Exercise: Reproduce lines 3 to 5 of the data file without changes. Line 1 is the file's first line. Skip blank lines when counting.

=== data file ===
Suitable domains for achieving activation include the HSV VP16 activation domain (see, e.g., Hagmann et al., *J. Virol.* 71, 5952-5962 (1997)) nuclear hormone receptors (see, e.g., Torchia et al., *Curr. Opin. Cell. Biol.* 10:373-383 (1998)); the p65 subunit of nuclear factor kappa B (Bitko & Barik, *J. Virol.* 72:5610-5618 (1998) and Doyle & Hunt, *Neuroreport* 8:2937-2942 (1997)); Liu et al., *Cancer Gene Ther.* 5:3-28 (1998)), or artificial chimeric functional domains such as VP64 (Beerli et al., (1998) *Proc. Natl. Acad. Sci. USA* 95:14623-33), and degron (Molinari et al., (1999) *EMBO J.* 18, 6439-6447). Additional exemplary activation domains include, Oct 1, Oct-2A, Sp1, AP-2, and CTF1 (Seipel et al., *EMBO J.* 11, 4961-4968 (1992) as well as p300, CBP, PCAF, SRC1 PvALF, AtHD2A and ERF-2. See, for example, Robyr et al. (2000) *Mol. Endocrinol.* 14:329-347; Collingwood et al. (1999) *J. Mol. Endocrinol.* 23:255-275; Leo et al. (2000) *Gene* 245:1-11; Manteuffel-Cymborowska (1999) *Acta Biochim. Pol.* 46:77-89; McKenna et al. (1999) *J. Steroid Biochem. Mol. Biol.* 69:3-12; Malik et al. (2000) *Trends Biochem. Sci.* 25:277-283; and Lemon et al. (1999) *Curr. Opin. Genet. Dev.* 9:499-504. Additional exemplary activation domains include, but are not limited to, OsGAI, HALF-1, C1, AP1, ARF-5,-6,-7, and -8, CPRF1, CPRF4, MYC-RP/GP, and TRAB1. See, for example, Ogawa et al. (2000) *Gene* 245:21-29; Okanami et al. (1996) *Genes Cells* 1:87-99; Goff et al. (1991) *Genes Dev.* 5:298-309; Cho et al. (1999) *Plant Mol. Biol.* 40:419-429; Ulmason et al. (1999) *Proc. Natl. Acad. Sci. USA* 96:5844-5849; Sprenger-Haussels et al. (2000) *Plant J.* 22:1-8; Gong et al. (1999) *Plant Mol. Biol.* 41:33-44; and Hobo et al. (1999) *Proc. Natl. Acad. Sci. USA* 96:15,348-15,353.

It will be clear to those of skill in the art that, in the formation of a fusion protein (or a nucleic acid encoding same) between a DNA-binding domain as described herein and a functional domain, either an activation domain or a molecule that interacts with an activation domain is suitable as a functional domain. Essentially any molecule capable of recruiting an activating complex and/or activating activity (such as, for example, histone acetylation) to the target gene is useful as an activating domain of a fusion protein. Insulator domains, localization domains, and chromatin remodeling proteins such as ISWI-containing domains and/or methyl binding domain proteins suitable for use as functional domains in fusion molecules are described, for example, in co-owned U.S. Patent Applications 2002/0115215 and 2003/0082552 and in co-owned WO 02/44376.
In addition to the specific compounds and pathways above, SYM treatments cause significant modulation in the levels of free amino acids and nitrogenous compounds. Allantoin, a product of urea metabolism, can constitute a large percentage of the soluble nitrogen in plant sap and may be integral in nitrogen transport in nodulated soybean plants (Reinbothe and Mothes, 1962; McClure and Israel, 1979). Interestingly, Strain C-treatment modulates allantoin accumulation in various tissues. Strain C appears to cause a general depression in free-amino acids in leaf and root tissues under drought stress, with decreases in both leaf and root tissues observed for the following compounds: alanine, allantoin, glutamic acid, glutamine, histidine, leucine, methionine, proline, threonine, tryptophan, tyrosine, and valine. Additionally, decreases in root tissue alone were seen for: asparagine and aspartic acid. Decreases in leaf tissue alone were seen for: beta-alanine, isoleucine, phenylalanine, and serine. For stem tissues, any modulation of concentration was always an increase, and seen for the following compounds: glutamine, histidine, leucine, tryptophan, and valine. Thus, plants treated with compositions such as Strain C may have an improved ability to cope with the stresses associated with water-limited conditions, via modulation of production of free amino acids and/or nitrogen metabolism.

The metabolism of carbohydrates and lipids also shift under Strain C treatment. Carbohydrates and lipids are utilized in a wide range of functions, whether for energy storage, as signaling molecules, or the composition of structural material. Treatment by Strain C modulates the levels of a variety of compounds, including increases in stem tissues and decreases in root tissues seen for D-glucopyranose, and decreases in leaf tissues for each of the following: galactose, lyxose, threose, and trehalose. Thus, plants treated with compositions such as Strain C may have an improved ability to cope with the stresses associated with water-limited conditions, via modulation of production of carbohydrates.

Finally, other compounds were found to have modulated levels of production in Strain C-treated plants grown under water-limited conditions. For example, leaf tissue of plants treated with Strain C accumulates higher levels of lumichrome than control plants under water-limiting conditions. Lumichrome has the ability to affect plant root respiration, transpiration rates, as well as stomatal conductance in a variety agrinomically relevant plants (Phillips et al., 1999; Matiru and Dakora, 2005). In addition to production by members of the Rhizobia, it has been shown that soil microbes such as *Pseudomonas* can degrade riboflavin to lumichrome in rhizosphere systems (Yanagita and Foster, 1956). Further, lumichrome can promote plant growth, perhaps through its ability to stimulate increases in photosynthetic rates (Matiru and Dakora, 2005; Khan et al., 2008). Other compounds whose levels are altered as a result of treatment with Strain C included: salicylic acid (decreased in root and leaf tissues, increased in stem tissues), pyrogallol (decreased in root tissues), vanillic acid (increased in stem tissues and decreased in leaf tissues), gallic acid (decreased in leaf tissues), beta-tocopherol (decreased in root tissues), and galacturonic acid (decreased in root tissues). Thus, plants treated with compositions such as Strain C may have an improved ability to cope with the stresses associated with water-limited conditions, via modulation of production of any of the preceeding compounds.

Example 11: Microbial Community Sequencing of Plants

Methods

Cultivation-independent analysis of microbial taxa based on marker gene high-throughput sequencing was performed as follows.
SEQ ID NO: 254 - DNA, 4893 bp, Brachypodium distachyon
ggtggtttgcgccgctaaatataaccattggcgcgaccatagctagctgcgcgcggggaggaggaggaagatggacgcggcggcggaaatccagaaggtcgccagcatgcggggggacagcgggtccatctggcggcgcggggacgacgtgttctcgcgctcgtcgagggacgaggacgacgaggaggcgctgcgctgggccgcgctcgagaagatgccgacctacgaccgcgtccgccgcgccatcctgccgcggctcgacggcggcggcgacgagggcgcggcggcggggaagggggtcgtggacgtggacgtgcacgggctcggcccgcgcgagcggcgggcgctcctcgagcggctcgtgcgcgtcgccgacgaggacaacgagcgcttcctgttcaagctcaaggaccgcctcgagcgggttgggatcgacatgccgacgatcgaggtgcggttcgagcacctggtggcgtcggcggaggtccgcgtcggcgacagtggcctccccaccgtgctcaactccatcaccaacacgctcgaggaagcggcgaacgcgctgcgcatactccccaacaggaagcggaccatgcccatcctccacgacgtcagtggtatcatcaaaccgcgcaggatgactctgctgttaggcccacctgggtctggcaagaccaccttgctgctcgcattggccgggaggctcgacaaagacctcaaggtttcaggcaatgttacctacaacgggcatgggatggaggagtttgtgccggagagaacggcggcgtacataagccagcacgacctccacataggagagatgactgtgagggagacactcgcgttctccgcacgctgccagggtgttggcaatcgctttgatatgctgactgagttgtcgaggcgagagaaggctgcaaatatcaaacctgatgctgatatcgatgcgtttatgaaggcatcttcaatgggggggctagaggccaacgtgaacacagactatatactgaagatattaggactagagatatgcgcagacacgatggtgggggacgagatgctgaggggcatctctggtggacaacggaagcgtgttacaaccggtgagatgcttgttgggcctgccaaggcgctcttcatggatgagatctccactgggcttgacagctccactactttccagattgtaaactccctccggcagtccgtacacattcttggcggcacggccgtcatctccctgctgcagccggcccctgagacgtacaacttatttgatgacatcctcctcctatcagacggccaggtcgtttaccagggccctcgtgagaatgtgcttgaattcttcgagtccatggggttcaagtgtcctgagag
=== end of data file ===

In addition to the specific compounds and pathways above, SYM treatments cause significant modulation in the levels of free amino acids and nitrogenous compounds. Allantoin, a product of urea metabolism, can constitute a large percentage of the soluble nitrogen in plant sap and may be integral in nitrogen transport in nodulated soybean plants (Reinbothe and Mothes, 1962; McClure and Israel, 1979). Interestingly, Strain C-treatment modulates allantoin accumulation in various tissues. Strain C appears to cause a general depression in free-amino acids in leaf and root tissues under drought stress, with decreases in both leaf and root tissues observed for the following compounds: alanine, allantoin, glutamic acid, glutamine, histidine, leucine, methionine, proline, threonine, tryptophan, tyrosine, and valine. Additionally, decreases in root tissue alone were seen for: asparagine and aspartic acid. Decreases in leaf tissue alone were seen for: beta-alanine, isoleucine, phenylalanine, and serine. For stem tissues, any modulation of concentration was always an increase, and seen for the following compounds: glutamine, histidine, leucine, tryptophan, and valine. Thus, plants treated with compositions such as Strain C may have an improved ability to cope with the stresses associated with water-limited conditions, via modulation of production of free amino acids and/or nitrogen metabolism.

The metabolism of carbohydrates and lipids also shift under Strain C treatment. Carbohydrates and lipids are utilized in a wide range of functions, whether for energy storage, as signaling molecules, or the composition of structural material. Treatment by Strain C modulates the levels of a variety of compounds, including increases in stem tissues and decreases in root tissues seen for D-glucopyranose, and decreases in leaf tissues for each of the following: galactose, lyxose, threose, and trehalose. Thus, plants treated with compositions such as Strain C may have an improved ability to cope with the stresses associated with water-limited conditions, via modulation of production of carbohydrates.

Finally, other compounds were found to have modulated levels of production in Strain C-treated plants grown under water-limited conditions. For example, leaf tissue of plants treated with Strain C accumulates higher levels of lumichrome than control plants under water-limiting conditions. Lumichrome has the ability to affect plant root respiration, transpiration rates, as well as stomatal conductance in a variety agrinomically relevant plants (Phillips et al., 1999; Matiru and Dakora, 2005). In addition to production by members of the Rhizobia, it has been shown that soil microbes such as *Pseudomonas* can degrade riboflavin to lumichrome in rhizosphere systems (Yanagita and Foster, 1956). Further, lumichrome can promote plant growth, perhaps through its ability to stimulate increases in photosynthetic rates (Matiru and Dakora, 2005; Khan et al., 2008). Other compounds whose levels are altered as a result of treatment with Strain C included: salicylic acid (decreased in root and leaf tissues, increased in stem tissues), pyrogallol (decreased in root tissues), vanillic acid (increased in stem tissues and decreased in leaf tissues), gallic acid (decreased in leaf tissues), beta-tocopherol (decreased in root tissues), and galacturonic acid (decreased in root tissues). Thus, plants treated with compositions such as Strain C may have an improved ability to cope with the stresses associated with water-limited conditions, via modulation of production of any of the preceeding compounds.